No, sorry. The animations were made using HumanIK rig, not Biped. With some work, they can be coverted to Biped in couple of ways, for example using Motionbuilder’s retargeting, or renaming the bone names to fit Biped naming, export them to bvh format and import them to your Biped as mocap.

Do you have 3ds max Biped version of the animations?

Only one animation at a time can be imported to Maya or 3ds max. When importing the multitake FBX file (that’s the format my Unity animations are in) to Maya or 3ds max, you have to choose the Animation Take in the import window.


When I import the multitake FBX file to Maya/3ds max, only one animation imports.

I’m sorry, but I’m physically not able to ensure stability and maintain support for that many packages and controllers for different engine versions. I’m just one guy. I know many of you still use Unity 5, but I decided to keep with the newest available Unity.

However, you can still use the animations! Just install Unity 2017 and download my package. The animations are in FBX format and can be opened with Unity 5. You just need Unity 2017 to download and decompress the unity package file. The Unity 2017 controller and mecanim will not work in Unity 5, but all the animations, models and textures will.

I still use Unity 5.x and your packages require Unity 2017. Can you provide 5.x versions?

Short answer – I’m not able to tell you how. Building a game like GTA V is difficult and time consuming. It is impossible to explain it through e-mail.

Long answer – even if I knew exactly how to do it, it would be practically impossible to explain how to make a controller like this through an e-mail. Controllers combining advanced unarmed movement, pistols, rifles, swords and shields, cover systems, crouch and prone, enemies with AI and terrain awareness etc. are the most complicated mechanics systems in gaming industry. It’s not just a matter of switching animations, it’s also AI, camerawork, cover planning and hundreds, if not thousands animations inside the controller. It really is not as simple, as making a single transition link between Mecanim graphs called “RifleToSword” or “UnarmedToPistolCover”.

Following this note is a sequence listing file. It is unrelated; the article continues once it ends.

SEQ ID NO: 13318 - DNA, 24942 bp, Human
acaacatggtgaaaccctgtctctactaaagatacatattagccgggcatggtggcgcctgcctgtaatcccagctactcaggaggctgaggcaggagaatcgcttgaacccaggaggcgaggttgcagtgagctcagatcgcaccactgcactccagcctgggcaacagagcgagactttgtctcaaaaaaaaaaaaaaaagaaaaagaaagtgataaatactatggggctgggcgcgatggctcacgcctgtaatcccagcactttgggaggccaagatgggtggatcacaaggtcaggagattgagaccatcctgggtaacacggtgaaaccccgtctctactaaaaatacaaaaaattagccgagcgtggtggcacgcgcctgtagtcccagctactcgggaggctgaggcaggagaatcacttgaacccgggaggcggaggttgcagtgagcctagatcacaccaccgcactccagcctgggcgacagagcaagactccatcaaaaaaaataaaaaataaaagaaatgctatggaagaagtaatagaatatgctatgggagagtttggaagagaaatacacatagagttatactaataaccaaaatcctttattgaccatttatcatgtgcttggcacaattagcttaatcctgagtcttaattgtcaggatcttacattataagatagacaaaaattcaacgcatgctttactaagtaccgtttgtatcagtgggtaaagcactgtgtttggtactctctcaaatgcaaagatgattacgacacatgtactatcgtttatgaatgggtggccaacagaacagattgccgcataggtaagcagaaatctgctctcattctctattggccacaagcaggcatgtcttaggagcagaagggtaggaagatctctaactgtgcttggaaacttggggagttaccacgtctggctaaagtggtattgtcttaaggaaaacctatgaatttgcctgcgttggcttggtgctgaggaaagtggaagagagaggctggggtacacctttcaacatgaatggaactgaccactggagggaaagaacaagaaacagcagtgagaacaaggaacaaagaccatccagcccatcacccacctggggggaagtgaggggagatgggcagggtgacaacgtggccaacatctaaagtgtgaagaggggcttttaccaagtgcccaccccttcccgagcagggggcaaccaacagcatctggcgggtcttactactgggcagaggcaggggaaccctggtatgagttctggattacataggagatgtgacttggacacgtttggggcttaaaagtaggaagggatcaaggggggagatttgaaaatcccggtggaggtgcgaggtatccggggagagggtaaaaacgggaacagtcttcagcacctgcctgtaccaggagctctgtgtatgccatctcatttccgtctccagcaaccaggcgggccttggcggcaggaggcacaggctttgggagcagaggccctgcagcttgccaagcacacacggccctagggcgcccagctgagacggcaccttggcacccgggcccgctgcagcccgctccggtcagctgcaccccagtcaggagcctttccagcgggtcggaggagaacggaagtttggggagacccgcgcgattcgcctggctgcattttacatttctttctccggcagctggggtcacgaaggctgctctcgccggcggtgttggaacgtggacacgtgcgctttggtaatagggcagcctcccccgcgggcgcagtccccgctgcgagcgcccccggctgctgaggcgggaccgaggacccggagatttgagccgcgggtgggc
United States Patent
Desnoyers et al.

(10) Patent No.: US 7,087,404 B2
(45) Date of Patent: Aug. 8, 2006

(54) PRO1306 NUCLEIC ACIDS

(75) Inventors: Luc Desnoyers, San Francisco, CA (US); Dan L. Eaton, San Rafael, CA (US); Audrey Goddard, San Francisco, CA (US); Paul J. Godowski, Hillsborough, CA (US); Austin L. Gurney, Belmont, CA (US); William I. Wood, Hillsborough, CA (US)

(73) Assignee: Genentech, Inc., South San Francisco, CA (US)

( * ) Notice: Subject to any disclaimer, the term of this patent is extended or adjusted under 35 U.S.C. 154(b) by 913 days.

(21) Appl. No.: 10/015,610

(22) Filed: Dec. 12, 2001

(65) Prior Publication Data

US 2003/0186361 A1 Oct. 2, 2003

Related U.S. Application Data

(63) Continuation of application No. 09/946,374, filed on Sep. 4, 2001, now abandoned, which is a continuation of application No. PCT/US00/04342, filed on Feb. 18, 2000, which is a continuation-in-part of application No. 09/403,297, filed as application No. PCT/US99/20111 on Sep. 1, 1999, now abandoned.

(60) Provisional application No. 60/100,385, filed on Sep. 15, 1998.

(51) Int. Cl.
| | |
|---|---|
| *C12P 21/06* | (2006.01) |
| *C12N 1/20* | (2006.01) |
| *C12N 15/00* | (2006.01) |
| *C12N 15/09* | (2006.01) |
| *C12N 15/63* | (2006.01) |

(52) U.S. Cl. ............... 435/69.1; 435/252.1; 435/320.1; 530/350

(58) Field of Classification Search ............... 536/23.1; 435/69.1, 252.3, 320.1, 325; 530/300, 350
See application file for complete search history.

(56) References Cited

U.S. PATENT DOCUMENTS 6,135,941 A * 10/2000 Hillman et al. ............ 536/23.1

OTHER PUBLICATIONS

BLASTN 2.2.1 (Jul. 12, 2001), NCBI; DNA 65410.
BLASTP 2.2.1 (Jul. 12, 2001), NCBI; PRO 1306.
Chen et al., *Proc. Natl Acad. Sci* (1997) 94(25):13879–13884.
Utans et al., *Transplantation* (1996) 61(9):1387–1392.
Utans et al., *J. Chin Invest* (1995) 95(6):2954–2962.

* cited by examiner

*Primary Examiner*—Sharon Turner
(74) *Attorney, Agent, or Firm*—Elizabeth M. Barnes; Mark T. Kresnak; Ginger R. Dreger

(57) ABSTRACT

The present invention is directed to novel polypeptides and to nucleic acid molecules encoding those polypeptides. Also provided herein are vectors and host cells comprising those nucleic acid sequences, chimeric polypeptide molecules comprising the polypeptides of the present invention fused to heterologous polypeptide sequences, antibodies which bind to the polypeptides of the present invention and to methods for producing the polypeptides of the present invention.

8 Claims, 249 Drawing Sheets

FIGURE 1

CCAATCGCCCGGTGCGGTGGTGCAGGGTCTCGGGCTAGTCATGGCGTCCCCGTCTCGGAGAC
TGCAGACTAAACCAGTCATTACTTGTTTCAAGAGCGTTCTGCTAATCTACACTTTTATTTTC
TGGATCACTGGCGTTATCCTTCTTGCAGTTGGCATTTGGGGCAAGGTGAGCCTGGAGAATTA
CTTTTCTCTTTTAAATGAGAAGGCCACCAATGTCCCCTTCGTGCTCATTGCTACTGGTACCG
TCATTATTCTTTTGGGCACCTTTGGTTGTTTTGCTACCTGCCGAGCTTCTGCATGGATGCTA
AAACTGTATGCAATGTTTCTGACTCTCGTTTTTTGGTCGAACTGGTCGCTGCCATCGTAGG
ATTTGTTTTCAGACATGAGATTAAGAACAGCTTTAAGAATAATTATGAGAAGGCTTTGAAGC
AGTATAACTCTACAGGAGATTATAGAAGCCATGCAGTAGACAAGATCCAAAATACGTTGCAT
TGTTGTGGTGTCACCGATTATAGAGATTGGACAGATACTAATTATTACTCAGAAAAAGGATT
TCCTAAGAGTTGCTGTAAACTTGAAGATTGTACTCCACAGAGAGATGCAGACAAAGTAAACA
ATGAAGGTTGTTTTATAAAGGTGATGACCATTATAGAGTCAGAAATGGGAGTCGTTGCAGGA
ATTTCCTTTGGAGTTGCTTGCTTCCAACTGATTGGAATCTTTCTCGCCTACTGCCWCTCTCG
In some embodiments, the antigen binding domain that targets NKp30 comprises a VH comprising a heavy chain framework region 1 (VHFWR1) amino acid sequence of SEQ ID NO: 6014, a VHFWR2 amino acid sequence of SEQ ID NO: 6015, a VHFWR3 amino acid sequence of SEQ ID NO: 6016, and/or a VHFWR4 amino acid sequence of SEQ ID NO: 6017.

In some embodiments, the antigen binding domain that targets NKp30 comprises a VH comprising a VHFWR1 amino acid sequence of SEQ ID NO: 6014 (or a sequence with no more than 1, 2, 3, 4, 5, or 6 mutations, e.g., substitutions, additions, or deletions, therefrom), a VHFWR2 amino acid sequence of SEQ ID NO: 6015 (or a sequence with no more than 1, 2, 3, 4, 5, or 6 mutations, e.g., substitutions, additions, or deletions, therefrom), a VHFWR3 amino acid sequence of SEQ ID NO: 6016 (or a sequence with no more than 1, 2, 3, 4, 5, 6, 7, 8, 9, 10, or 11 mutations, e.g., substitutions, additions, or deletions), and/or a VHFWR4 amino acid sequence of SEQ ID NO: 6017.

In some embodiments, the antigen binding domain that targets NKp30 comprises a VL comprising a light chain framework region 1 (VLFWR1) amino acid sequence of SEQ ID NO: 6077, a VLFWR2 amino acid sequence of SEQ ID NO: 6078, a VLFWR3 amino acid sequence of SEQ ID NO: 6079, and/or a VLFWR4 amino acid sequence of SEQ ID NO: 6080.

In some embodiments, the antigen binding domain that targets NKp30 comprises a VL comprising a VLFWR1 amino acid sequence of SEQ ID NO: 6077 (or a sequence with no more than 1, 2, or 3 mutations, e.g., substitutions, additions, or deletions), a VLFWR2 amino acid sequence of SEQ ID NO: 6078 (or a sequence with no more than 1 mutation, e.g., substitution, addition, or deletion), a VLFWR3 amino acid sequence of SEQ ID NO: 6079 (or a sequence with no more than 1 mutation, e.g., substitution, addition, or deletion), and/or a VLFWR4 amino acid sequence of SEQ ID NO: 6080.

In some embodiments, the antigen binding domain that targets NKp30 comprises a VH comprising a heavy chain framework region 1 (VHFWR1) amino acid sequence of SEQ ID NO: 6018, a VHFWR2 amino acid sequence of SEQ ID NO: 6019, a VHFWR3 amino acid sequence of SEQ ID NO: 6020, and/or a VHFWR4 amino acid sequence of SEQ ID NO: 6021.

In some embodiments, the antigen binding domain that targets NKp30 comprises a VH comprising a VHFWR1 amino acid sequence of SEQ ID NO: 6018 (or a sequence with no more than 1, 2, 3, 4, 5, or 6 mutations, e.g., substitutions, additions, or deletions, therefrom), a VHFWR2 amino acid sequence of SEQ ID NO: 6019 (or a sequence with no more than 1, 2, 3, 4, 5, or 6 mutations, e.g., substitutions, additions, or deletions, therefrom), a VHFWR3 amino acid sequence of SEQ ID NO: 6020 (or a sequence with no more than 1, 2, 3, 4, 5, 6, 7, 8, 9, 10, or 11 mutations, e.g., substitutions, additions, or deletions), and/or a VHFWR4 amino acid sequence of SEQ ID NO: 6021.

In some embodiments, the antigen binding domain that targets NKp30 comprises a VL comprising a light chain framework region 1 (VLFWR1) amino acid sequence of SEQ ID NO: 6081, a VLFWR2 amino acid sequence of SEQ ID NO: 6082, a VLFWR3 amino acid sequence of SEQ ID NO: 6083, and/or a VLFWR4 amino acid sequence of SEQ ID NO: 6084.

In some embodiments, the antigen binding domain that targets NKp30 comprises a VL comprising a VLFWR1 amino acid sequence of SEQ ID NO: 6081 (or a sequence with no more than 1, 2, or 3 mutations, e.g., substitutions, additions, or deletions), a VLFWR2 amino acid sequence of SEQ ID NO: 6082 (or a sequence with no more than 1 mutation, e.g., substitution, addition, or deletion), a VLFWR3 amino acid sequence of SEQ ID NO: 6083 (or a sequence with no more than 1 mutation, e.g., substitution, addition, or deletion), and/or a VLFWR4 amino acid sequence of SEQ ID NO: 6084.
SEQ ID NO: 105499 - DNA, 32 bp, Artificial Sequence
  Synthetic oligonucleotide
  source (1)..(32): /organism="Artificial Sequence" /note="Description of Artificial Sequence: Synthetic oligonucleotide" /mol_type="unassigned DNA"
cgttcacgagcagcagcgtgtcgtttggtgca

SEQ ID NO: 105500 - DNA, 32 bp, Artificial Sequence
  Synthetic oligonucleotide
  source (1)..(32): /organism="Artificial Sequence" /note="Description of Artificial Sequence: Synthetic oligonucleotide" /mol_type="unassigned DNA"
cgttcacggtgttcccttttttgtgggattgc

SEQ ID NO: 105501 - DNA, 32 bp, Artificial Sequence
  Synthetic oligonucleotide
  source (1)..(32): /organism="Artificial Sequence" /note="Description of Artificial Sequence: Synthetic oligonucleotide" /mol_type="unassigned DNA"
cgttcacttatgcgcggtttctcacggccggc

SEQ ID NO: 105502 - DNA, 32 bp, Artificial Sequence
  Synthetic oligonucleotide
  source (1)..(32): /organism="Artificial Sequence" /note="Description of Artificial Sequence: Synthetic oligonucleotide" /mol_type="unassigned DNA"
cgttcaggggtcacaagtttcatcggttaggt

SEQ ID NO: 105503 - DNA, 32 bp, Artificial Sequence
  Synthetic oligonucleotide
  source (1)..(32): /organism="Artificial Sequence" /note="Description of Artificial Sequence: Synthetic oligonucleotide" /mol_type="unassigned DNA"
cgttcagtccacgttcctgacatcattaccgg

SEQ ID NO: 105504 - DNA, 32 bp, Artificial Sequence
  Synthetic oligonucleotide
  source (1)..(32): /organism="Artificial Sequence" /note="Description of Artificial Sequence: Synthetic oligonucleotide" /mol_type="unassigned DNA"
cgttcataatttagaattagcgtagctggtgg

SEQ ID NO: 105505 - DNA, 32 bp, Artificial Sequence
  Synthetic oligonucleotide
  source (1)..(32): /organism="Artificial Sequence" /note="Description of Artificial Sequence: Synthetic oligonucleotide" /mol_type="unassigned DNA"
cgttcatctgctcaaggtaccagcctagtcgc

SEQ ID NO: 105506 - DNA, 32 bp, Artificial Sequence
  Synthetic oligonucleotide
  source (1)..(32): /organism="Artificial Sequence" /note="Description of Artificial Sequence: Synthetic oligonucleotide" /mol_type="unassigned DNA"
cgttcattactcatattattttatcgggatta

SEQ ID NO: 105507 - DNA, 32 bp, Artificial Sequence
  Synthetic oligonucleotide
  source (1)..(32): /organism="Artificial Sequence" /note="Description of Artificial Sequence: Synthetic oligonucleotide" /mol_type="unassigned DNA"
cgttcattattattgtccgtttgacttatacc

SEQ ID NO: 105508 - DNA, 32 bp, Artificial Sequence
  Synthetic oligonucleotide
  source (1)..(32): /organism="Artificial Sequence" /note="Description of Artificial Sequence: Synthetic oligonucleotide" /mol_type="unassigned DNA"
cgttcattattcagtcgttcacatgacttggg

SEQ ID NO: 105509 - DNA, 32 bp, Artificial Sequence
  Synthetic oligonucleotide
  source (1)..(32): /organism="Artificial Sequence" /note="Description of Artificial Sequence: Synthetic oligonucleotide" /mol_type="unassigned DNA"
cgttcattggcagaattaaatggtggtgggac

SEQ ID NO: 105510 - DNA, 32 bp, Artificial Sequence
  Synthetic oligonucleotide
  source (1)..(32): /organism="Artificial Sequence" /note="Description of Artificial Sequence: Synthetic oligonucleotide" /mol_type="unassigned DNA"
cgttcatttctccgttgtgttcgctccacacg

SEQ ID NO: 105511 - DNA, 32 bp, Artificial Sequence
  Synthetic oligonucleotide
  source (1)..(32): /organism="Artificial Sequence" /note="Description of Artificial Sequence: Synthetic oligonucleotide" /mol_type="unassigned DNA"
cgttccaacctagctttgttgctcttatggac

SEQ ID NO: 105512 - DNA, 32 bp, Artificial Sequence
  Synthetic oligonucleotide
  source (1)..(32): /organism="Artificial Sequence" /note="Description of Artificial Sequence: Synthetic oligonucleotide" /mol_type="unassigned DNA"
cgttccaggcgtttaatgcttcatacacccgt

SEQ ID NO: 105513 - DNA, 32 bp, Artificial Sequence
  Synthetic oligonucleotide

For example, GTA is produced by a giant company and a lot of very, very experienced people. And even so, it took them many years, to produce a controller (so, basically, a core game mechanic) that combines all possible motions. I’m not saying it is impossible to do by a single, determined indie developer. I’m just saying, I really don’t have a ready tutorial for making a game like this, that I could send you through e-mail.

I want to merge all your controllers and all your animations into one ultra-controller, like in GTA, tell me how!

As always in gamedev: it’s not that simple. It’s true, you can convert a project from one platform to another with one click. However, except Pistol Animset Pro, my controllers use keyboard + mouse or X360 gampad input. They theoretically will run on mobile, but you will not be able to control them with a telephone touch screen (but if you plug in a keyboard, or a gamepad to your phone it will work no problem!).To be able to use my character controller using a touch screen, you will have to build your own mobile controls setup, that simulates the standard Input.

Are your controllers compatible with mobile devices?Unity says you can convert any project to mobile with 1 click,
is that true?

You can NOT do that.

Unity Asset Store license clearly forbids that. You can use the animations in your game that you give away for free or for money, but the animations must be a part of a compiled (that means “built”, “cooked”, not openable by Unity editor, but launched by .exe file) game, so they are unusable by third parties. You can’t just give people the fbx files.

In plain words: if you buy my animations and then share them for free on the internet, you will just simply kill my bussiness. Instead of buying from me, the creator, people will be downloading them from you for free. That means I will not earn any money and I will simply have to close my store and stop making new animations.So please, If you really want to share your work for free – make sure it’s YOUR work you are sharing, not mine, and not other Asset Store creators.